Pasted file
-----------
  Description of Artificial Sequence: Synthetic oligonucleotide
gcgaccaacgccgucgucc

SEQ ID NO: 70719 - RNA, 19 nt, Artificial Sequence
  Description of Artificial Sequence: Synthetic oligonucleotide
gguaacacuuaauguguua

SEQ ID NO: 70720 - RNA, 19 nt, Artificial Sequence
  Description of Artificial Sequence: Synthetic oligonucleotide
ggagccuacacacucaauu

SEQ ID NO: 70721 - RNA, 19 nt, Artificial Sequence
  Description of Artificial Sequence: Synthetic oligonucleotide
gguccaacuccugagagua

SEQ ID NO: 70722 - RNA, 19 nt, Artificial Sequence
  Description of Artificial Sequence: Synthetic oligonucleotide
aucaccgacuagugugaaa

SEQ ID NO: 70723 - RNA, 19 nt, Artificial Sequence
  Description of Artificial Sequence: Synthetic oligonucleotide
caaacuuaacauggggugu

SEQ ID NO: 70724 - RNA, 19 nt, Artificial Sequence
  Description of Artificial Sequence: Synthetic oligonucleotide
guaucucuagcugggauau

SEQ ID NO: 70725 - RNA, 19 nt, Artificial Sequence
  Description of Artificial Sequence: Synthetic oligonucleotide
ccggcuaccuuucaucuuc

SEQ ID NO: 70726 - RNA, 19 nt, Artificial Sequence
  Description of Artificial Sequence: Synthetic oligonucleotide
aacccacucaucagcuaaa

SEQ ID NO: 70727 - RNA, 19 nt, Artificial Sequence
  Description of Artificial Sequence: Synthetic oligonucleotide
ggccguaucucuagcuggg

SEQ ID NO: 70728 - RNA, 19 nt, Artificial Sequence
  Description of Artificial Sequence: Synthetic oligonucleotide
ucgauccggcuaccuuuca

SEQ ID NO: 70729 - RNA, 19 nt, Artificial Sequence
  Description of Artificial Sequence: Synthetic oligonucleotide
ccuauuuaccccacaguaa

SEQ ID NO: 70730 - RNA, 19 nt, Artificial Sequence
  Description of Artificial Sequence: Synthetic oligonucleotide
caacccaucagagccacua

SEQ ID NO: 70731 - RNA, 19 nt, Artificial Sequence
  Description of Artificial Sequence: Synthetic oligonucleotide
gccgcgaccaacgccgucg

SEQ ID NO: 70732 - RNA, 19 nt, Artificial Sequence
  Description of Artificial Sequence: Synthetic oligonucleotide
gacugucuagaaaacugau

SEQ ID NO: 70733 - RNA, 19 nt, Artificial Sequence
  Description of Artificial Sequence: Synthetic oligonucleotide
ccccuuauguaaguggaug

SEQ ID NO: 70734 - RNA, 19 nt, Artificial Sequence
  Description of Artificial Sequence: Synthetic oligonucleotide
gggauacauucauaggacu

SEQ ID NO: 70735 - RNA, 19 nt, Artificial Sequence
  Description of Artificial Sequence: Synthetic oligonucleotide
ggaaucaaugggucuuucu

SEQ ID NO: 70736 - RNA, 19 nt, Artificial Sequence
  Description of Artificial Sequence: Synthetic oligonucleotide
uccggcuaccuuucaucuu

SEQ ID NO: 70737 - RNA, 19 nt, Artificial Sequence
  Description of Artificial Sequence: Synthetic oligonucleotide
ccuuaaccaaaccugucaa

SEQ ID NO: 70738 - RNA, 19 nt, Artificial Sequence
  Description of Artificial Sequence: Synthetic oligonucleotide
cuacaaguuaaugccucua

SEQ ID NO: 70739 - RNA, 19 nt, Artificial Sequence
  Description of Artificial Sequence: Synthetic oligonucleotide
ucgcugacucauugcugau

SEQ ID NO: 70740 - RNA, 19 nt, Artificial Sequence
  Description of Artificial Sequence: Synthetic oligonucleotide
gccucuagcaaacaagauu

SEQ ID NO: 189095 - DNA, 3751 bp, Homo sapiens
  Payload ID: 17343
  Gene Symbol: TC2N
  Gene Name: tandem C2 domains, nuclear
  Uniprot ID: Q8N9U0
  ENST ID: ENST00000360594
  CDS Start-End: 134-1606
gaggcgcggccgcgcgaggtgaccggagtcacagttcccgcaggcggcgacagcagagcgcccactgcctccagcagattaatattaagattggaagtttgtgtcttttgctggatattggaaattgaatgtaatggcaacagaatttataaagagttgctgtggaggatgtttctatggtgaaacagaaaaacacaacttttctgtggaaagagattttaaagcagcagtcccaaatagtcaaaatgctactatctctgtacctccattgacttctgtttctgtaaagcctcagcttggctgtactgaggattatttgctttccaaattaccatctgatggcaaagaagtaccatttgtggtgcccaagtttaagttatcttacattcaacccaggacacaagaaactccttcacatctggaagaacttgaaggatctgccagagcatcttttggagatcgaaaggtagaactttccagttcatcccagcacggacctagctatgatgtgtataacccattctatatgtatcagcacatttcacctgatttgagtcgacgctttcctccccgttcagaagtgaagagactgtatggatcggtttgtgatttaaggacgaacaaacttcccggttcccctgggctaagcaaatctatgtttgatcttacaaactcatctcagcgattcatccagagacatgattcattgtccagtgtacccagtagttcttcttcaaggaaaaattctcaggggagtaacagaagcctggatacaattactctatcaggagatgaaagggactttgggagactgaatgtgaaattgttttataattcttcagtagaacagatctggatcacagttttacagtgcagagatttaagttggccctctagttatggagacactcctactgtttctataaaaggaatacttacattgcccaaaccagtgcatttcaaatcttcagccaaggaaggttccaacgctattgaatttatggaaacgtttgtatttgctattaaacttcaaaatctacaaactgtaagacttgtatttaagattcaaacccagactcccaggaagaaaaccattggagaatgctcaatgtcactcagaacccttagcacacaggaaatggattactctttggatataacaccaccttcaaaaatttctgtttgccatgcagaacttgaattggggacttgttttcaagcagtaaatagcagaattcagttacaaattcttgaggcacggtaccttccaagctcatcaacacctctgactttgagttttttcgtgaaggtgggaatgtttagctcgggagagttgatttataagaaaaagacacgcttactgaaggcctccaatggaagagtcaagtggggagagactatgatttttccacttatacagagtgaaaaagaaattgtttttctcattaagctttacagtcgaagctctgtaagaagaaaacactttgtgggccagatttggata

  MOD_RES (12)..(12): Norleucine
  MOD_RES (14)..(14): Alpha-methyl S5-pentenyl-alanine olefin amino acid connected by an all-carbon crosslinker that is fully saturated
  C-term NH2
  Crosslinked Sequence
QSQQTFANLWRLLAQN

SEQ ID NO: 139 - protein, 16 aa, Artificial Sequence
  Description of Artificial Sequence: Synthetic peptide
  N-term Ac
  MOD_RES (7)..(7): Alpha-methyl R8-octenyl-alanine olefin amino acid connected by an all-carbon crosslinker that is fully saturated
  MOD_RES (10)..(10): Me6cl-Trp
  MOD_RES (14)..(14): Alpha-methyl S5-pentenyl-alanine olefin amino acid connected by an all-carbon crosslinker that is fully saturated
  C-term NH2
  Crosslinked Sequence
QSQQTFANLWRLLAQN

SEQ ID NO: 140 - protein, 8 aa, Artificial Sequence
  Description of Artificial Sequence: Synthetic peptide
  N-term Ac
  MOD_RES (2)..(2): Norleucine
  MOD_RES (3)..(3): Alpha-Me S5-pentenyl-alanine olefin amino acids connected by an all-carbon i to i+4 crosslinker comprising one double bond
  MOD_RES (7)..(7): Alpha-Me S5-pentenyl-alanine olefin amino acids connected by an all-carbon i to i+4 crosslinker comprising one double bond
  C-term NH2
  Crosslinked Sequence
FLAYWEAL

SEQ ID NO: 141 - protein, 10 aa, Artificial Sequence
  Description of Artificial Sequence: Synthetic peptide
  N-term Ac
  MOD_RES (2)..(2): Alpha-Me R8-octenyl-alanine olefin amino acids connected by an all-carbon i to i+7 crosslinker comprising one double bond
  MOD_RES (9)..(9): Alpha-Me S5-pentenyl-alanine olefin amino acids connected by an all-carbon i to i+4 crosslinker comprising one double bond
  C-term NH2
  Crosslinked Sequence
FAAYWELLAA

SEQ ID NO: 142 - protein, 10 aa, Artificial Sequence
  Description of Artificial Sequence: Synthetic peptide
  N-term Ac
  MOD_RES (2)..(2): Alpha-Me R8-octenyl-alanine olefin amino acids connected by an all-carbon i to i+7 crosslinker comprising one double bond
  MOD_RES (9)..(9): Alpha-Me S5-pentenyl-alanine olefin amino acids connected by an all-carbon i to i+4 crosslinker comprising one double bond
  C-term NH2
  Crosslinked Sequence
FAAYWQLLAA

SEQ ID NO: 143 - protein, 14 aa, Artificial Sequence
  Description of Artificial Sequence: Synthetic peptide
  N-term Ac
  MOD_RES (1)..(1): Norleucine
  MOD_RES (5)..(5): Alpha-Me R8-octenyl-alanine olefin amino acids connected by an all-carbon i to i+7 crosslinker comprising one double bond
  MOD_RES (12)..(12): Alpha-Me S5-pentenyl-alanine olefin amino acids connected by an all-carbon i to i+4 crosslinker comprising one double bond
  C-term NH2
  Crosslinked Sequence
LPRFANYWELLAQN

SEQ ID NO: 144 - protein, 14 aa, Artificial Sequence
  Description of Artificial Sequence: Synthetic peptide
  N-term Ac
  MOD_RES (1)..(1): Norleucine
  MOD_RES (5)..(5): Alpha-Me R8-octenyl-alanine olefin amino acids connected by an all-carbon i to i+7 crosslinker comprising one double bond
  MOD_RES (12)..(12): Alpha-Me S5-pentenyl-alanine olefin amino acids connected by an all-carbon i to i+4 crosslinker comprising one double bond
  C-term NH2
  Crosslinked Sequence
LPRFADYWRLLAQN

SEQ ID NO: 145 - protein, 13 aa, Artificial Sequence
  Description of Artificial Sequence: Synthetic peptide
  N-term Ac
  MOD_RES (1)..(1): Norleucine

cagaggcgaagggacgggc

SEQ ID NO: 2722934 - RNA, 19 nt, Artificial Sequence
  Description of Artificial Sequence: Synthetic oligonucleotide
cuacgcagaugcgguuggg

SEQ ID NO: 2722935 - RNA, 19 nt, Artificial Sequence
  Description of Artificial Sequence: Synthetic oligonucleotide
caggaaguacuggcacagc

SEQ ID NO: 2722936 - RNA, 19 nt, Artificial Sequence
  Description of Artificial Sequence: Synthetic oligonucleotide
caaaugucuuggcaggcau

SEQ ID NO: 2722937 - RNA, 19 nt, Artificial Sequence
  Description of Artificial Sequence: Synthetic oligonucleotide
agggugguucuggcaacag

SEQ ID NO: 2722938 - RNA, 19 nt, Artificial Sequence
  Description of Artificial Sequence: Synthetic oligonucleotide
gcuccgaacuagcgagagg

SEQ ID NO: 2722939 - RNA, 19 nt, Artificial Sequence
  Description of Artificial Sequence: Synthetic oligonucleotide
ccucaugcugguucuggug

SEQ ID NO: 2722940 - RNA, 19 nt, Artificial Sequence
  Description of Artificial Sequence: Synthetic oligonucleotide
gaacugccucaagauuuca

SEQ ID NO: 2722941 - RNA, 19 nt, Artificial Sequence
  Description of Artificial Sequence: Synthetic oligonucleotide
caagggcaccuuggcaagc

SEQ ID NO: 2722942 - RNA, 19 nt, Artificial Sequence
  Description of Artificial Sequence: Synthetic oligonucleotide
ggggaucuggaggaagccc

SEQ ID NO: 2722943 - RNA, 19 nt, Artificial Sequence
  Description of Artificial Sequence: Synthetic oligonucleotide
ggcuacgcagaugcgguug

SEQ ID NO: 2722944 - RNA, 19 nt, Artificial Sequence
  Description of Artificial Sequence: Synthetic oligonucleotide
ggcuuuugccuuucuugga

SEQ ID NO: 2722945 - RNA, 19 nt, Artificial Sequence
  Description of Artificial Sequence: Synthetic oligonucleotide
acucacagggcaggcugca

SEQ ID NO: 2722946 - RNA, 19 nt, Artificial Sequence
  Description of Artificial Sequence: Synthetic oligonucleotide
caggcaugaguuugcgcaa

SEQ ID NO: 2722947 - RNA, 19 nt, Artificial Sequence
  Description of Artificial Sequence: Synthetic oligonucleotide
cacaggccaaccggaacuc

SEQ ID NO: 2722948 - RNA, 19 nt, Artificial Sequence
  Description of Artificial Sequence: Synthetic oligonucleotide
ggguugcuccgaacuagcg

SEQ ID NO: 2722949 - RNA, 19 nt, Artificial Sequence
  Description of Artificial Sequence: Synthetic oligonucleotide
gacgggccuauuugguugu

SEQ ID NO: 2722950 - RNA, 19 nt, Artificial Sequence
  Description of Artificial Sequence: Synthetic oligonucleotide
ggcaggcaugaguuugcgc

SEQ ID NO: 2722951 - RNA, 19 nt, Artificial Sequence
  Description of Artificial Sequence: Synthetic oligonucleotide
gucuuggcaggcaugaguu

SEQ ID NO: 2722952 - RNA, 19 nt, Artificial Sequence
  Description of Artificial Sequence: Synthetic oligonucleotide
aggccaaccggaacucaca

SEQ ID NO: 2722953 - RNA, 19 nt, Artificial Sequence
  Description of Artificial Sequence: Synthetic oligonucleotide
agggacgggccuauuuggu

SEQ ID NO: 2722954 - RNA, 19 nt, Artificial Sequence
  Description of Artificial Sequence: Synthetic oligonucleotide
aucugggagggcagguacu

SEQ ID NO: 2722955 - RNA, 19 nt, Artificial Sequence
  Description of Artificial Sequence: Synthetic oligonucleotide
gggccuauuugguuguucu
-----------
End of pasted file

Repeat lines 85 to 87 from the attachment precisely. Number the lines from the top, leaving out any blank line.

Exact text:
  MOD_RES (7)..(7): Alpha-methyl R8-octenyl-alanine olefin amino acid connected by an all-carbon crosslinker that is fully saturated
  MOD_RES (10)..(10): Me6cl-Trp
  MOD_RES (14)..(14): Alpha-methyl S5-pentenyl-alanine olefin amino acid connected by an all-carbon crosslinker that is fully saturated